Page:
The show-windows of the clothes stores often attract attention of the fashion-mongers. Next, Marks and Spencer, Gap, Tommy Hilfiger, H&M and a number of other brand retailers offer numerous discounts, selections, prices and quality, and compete on a daily basis to build customer loyalty. However, what people cannot see through the show-windows is common global issues in which this companies participate. These issues are associated with ethical principles in production. All these retailers rely heavily on inexpensive outsourced manufacturers. This means that famous shoes and clothing retailers either buy the products from the factories located in cheap-labour countries, like Bangladesh, India, Sri Lanka, Pakistan etc through local intermediary companies, or outsource their own factories in those countries. As Hilary (2013) argues, even though our world became extremely flat due to globalization, polarization keeps being one of the key characteristics of the global system (Hilary, 2013). There is a huge gap between poor and rich not only at the national level but also across various countries. Possible industrialization and further development of the Southern countries that were assumed to be the core positive effects of the globalization, in fact, created even wider inequality gap between rich and poor countries (Hilary, 2013). As the source of the cheap labour, Sothern countries are willing to work for extremely low wages that are often not enough even for survival, as well as under unsafe conditions, without inability to form unions and bargain collectively, and even engage in child labour. Even though the employees of the factories reached some improvements with the help of extensive protests at the national level, the root of the problem lies in the global retailers, who control the market. Of course, this particular fact has its imprint on the consumer perception of fashion retailers. While some people believe that outsourcing is the best way to minimize the business costs and make the price of the final product cheaper, others find this way of leading business unethical and unsustainable. What is more, as John Hilary argues, “the responsibility for such injustice rests on the global retailers and purchasers who have the control over the supply chain at the global level” (Hilary, 2013). This paper will support the argument of the J. Hilary by addressing the issues of global domination of retailers in the apparel industry and the attitude of those retailers towards the existing problem. While the international retailers are creating the problem, the lack of legislative support still adds to this problem and does not restrict unethical production.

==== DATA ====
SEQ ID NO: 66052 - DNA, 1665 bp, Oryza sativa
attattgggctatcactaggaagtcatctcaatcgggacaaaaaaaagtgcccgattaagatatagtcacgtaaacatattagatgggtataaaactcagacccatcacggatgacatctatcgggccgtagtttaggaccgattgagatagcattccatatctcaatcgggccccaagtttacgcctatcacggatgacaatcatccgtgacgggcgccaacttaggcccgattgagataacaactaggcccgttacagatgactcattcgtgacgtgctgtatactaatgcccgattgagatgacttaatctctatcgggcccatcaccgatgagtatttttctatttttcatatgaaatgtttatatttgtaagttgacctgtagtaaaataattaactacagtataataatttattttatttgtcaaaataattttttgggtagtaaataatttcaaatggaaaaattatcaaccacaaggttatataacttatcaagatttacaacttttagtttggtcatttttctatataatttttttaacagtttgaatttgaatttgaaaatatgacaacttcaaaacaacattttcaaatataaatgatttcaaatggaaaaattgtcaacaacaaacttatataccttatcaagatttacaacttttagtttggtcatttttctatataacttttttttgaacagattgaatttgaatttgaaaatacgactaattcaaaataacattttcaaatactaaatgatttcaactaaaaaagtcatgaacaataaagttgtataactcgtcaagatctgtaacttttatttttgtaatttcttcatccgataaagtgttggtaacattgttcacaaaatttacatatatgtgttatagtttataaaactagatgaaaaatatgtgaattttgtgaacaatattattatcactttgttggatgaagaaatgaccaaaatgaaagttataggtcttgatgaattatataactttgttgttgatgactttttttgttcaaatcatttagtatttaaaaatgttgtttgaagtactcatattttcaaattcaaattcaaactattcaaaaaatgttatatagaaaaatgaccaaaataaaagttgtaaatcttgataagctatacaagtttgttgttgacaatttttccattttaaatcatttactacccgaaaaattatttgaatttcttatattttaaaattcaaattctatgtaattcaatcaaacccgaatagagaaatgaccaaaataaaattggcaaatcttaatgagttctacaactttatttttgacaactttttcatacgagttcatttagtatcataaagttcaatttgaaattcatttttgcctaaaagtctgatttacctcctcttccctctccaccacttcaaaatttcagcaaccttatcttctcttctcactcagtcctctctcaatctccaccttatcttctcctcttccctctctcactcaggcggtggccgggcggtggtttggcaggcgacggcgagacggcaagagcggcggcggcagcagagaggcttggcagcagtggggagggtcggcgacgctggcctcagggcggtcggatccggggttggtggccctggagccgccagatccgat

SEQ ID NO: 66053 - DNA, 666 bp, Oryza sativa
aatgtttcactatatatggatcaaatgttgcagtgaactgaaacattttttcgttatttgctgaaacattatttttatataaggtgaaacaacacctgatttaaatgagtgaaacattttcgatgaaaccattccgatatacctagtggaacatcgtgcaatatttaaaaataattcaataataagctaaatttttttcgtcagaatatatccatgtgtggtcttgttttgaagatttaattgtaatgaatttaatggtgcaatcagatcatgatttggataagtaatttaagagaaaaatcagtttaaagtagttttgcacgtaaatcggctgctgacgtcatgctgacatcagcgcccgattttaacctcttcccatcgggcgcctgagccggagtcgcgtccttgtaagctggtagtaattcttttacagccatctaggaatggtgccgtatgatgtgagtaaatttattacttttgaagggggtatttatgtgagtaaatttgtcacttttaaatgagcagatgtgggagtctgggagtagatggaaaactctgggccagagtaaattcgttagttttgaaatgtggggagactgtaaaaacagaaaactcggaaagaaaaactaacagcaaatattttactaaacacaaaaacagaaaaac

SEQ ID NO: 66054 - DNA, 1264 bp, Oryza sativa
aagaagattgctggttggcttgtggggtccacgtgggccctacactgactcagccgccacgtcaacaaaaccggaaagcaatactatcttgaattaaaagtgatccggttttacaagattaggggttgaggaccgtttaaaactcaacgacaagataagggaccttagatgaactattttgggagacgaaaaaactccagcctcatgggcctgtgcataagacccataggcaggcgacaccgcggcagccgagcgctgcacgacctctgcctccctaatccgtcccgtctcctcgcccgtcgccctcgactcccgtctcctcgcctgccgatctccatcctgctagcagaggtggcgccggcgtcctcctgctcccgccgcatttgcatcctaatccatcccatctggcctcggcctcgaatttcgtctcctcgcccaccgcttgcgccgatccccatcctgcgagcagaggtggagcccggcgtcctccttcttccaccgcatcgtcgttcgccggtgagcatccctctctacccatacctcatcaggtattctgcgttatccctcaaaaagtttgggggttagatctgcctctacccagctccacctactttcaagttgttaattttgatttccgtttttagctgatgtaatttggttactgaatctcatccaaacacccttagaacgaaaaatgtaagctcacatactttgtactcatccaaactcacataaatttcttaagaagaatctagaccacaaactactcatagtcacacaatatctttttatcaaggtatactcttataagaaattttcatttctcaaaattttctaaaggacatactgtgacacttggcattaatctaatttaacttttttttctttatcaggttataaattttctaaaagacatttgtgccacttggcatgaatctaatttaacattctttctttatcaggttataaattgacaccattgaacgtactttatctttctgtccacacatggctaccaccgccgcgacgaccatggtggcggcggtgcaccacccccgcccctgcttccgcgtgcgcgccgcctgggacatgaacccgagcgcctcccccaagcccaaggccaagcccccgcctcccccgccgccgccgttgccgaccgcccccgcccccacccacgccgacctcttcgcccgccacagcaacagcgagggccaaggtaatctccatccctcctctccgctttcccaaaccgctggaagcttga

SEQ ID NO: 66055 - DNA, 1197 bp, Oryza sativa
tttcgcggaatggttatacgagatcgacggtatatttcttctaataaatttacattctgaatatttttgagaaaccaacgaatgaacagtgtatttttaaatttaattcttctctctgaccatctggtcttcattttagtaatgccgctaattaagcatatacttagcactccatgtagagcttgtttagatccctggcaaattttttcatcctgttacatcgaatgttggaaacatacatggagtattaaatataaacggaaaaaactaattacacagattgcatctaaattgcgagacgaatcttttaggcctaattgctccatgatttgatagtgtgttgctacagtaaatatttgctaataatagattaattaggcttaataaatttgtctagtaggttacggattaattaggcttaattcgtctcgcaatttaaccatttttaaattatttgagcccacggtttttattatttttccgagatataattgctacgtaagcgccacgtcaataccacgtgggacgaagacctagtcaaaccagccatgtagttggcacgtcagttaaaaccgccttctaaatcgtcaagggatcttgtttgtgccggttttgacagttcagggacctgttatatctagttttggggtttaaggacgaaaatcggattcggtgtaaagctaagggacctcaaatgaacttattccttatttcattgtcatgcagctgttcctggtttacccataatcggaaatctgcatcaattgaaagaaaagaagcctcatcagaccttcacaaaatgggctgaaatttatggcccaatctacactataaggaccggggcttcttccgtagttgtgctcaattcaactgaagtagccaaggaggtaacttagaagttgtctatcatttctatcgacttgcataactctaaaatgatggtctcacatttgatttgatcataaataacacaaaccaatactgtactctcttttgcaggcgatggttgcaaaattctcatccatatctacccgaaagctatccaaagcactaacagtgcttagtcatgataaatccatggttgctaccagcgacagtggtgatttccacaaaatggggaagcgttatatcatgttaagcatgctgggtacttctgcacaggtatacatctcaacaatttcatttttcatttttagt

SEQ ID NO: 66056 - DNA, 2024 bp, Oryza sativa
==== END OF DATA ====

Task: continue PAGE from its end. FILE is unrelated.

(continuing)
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First and foremost, the miserable conditions of work in factories in Bangladesh are well supported by the extremely low prices retailers offer to manufacturers. Those prices are not enough to cover the business expenses and guarantee safe environment for employees. There is sufficient evidence that global retailers place extreme burden on the factories in countries, like Bangladesh or Cambodia. One of the examples is the hugest retailer Wal-Mart, who offers the unbeatably low prices to its customers. It was revealed that the closing department of the company used the so-called “plus one” strategy. The philosophy required the suppliers to provide cheaper merchandize each year without compromising the quality. According to Hilary, Wal-Mart buyers required the Bangladeshi factory owners to cut the sales price by 50%. Moreover, these happens on a constant basis without any regard to the fact that the cost of production increases each year. Therefore, in order to fulfil its “cheapest out of the cheap” strategy, Wal-Mart refuses to lower its revenues or margins. Alternatively, it chooses to suffocate its merchants and retail sales employees. As Nomi Klein (1999) mentions, smart companies prefer to be the organizers of the contractors, rather than the responsible employers. Thus, they cut their labour costs by all possible means. One huge switch was the possibility to outsource the productions to the third world countries. The second twist is a so-called “part time America”. Global retailers hire unpaid interns to cover a part of their labour expenses. Moreover, they wish to employ the young part-time cheap labour without providing quality package and bonuses. Employees take low-paid positions treating their job as a “starting point” in their career that helps to pay for living and studies. However, the wages paid by the retailers in the service sector are less than adequate for an adult who has to take care of children, their education and medical expenses. At the same time, retailers in the service sector provides the majority jobs in the USA, while most factories are outsourced (Klein, 1999). This means that global retailers have a universal control over both domestic employment rates and the prices they offer to suppliers. By using the cost-cut strategy, global retailers minimize direct labour expenses and the cost of production, while maximize their own profits. In the case factory owners are required to decrease the prices, the Bangladeshi factories have two options, either to lose a huge client or to impose the limitations on their employees. Needless to explain that losing the client means the closure of the factory, so the owners choose to cut the salaries of their workers, increase the working hours and compromise the overall safety of production. The results of such approach are evidently supported by a number of collapses at clothing factories. Probably the most tragic event was the collapse of the eight-floor Rana Plaza building, where the facilities of the apparel factories were located. According to Marry Jane Bolle (2014), on April 24, 2013, the huge building Rana Plaza collapsed, leading to the death of more than 1100 apparel factory workers. Although the employees reported that they have seen the big cracks in the building that morning, the owners of the factories disregarded the warnings as they were under the pressure of the deadlines posed by the global retailers (Bolle, 2014). The avoidable catastrophe raised the issues of labour safety in Bangladesh. The problem was discussed at both the national and global levels. A number of factories were closed by the government due to the safety reasons. However, taking into account the fact that apparel is 80% of the country’s export, Bangladeshi factories continue supplying European and American retailers. Otherwise, the government will not be able to fill budget, as thousands of current employees will be thrown out of the labour market.